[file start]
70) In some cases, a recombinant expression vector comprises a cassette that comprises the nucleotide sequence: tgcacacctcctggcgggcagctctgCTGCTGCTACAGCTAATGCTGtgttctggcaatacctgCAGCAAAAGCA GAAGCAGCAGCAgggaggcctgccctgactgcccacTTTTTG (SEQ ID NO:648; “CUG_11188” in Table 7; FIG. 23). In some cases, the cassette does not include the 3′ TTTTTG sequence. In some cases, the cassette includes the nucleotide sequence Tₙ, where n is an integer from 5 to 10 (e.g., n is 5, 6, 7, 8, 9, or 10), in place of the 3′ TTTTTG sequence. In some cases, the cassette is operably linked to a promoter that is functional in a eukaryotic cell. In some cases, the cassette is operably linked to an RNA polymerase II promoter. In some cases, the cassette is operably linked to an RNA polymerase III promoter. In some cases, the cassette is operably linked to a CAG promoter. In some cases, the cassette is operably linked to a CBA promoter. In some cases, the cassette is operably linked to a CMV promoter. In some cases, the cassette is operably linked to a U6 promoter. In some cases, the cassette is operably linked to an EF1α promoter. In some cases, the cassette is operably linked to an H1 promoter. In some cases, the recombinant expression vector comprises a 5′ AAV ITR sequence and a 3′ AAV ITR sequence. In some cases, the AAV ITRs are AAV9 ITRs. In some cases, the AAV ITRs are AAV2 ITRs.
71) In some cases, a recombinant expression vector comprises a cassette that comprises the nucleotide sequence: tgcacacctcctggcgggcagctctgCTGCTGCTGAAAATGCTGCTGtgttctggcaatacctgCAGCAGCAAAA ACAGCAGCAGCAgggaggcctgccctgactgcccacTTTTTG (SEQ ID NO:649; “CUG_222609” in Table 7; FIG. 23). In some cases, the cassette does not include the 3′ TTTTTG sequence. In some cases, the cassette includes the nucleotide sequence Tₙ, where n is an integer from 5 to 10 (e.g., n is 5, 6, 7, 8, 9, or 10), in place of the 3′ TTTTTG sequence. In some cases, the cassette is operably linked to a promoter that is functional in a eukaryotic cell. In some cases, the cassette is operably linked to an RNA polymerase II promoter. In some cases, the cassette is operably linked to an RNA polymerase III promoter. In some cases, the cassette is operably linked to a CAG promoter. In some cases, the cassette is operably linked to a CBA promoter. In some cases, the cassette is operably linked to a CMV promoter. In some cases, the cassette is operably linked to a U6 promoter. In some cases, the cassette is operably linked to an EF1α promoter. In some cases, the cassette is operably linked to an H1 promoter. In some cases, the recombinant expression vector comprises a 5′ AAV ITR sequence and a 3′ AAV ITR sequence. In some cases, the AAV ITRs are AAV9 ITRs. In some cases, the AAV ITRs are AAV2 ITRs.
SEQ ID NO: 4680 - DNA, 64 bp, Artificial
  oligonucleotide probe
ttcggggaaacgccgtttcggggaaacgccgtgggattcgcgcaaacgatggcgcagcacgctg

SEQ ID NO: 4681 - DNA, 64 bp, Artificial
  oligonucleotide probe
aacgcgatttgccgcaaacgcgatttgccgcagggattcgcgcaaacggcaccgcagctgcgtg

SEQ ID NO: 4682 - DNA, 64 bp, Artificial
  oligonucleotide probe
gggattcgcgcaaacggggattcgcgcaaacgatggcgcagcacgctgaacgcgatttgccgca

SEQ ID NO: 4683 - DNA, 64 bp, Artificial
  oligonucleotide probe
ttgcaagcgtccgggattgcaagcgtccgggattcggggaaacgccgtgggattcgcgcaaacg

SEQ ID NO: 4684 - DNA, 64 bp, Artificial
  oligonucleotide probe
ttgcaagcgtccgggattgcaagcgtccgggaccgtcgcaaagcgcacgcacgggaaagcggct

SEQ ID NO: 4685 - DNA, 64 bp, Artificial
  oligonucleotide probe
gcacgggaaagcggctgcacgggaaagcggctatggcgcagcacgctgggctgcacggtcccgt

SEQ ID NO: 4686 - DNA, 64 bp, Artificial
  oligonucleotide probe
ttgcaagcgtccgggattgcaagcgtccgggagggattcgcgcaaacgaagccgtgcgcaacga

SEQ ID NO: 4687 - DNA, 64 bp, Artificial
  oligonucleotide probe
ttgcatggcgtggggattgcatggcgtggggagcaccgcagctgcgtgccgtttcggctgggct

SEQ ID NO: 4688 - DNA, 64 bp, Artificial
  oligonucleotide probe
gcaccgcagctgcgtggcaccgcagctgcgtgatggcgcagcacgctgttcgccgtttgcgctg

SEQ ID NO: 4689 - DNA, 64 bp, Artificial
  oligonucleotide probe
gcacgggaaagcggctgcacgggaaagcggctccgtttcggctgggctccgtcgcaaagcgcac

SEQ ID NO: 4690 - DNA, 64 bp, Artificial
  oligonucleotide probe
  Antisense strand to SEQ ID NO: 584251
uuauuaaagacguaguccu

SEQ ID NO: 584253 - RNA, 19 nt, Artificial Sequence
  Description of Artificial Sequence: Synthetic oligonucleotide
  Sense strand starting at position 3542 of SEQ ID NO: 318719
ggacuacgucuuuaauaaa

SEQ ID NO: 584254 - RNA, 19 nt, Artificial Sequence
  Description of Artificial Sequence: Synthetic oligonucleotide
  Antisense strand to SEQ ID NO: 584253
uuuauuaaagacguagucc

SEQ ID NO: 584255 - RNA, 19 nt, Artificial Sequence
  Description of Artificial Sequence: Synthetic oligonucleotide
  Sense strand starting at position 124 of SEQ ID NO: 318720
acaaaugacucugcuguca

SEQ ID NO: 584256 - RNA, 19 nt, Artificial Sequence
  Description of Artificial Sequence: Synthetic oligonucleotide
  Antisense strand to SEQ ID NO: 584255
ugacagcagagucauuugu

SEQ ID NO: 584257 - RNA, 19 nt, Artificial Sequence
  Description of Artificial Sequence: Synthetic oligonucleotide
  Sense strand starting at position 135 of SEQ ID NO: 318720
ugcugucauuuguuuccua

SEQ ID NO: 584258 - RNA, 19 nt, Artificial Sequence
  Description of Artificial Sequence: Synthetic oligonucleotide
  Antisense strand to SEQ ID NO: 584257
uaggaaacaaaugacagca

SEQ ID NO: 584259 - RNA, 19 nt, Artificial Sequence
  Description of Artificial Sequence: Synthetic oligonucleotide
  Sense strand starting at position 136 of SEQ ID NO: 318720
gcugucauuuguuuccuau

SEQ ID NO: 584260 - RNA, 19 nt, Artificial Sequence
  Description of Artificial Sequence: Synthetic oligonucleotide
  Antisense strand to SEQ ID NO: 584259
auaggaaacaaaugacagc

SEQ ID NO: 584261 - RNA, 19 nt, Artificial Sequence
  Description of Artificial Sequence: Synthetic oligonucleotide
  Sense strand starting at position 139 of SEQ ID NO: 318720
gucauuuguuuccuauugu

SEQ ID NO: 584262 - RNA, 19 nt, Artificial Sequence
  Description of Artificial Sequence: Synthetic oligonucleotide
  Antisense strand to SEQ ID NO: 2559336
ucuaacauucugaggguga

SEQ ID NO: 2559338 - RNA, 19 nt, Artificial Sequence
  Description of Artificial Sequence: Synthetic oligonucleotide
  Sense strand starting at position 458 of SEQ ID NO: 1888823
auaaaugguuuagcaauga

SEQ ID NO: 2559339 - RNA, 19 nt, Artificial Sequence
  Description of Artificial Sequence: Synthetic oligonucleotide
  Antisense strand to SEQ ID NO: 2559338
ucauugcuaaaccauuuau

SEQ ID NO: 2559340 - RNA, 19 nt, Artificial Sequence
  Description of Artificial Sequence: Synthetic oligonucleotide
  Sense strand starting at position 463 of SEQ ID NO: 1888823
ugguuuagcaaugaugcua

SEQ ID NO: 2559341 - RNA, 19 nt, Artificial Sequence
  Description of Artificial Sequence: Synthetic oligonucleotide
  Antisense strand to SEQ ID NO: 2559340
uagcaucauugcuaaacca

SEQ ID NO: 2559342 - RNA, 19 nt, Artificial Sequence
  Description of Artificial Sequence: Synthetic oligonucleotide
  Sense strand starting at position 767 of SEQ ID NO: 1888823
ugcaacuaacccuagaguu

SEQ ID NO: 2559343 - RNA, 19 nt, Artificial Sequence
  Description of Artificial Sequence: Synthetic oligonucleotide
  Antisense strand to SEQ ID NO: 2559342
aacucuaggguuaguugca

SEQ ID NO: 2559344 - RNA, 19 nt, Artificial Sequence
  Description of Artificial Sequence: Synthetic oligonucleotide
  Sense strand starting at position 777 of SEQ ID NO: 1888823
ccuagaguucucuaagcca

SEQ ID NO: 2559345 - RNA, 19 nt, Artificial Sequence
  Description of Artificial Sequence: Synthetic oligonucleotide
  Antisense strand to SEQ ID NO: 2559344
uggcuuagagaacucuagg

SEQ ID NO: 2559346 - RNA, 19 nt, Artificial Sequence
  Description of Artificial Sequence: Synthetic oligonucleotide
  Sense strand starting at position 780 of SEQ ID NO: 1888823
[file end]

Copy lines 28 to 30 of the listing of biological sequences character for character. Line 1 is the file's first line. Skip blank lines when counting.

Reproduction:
  oligonucleotide probe
gcaccgcagctgcgtggcaccgcagctgcgtgatggcgcagcacgctgttcgccgtttgcgctg

SEQ ID NO: 4689 - DNA, 64 bp, Artificial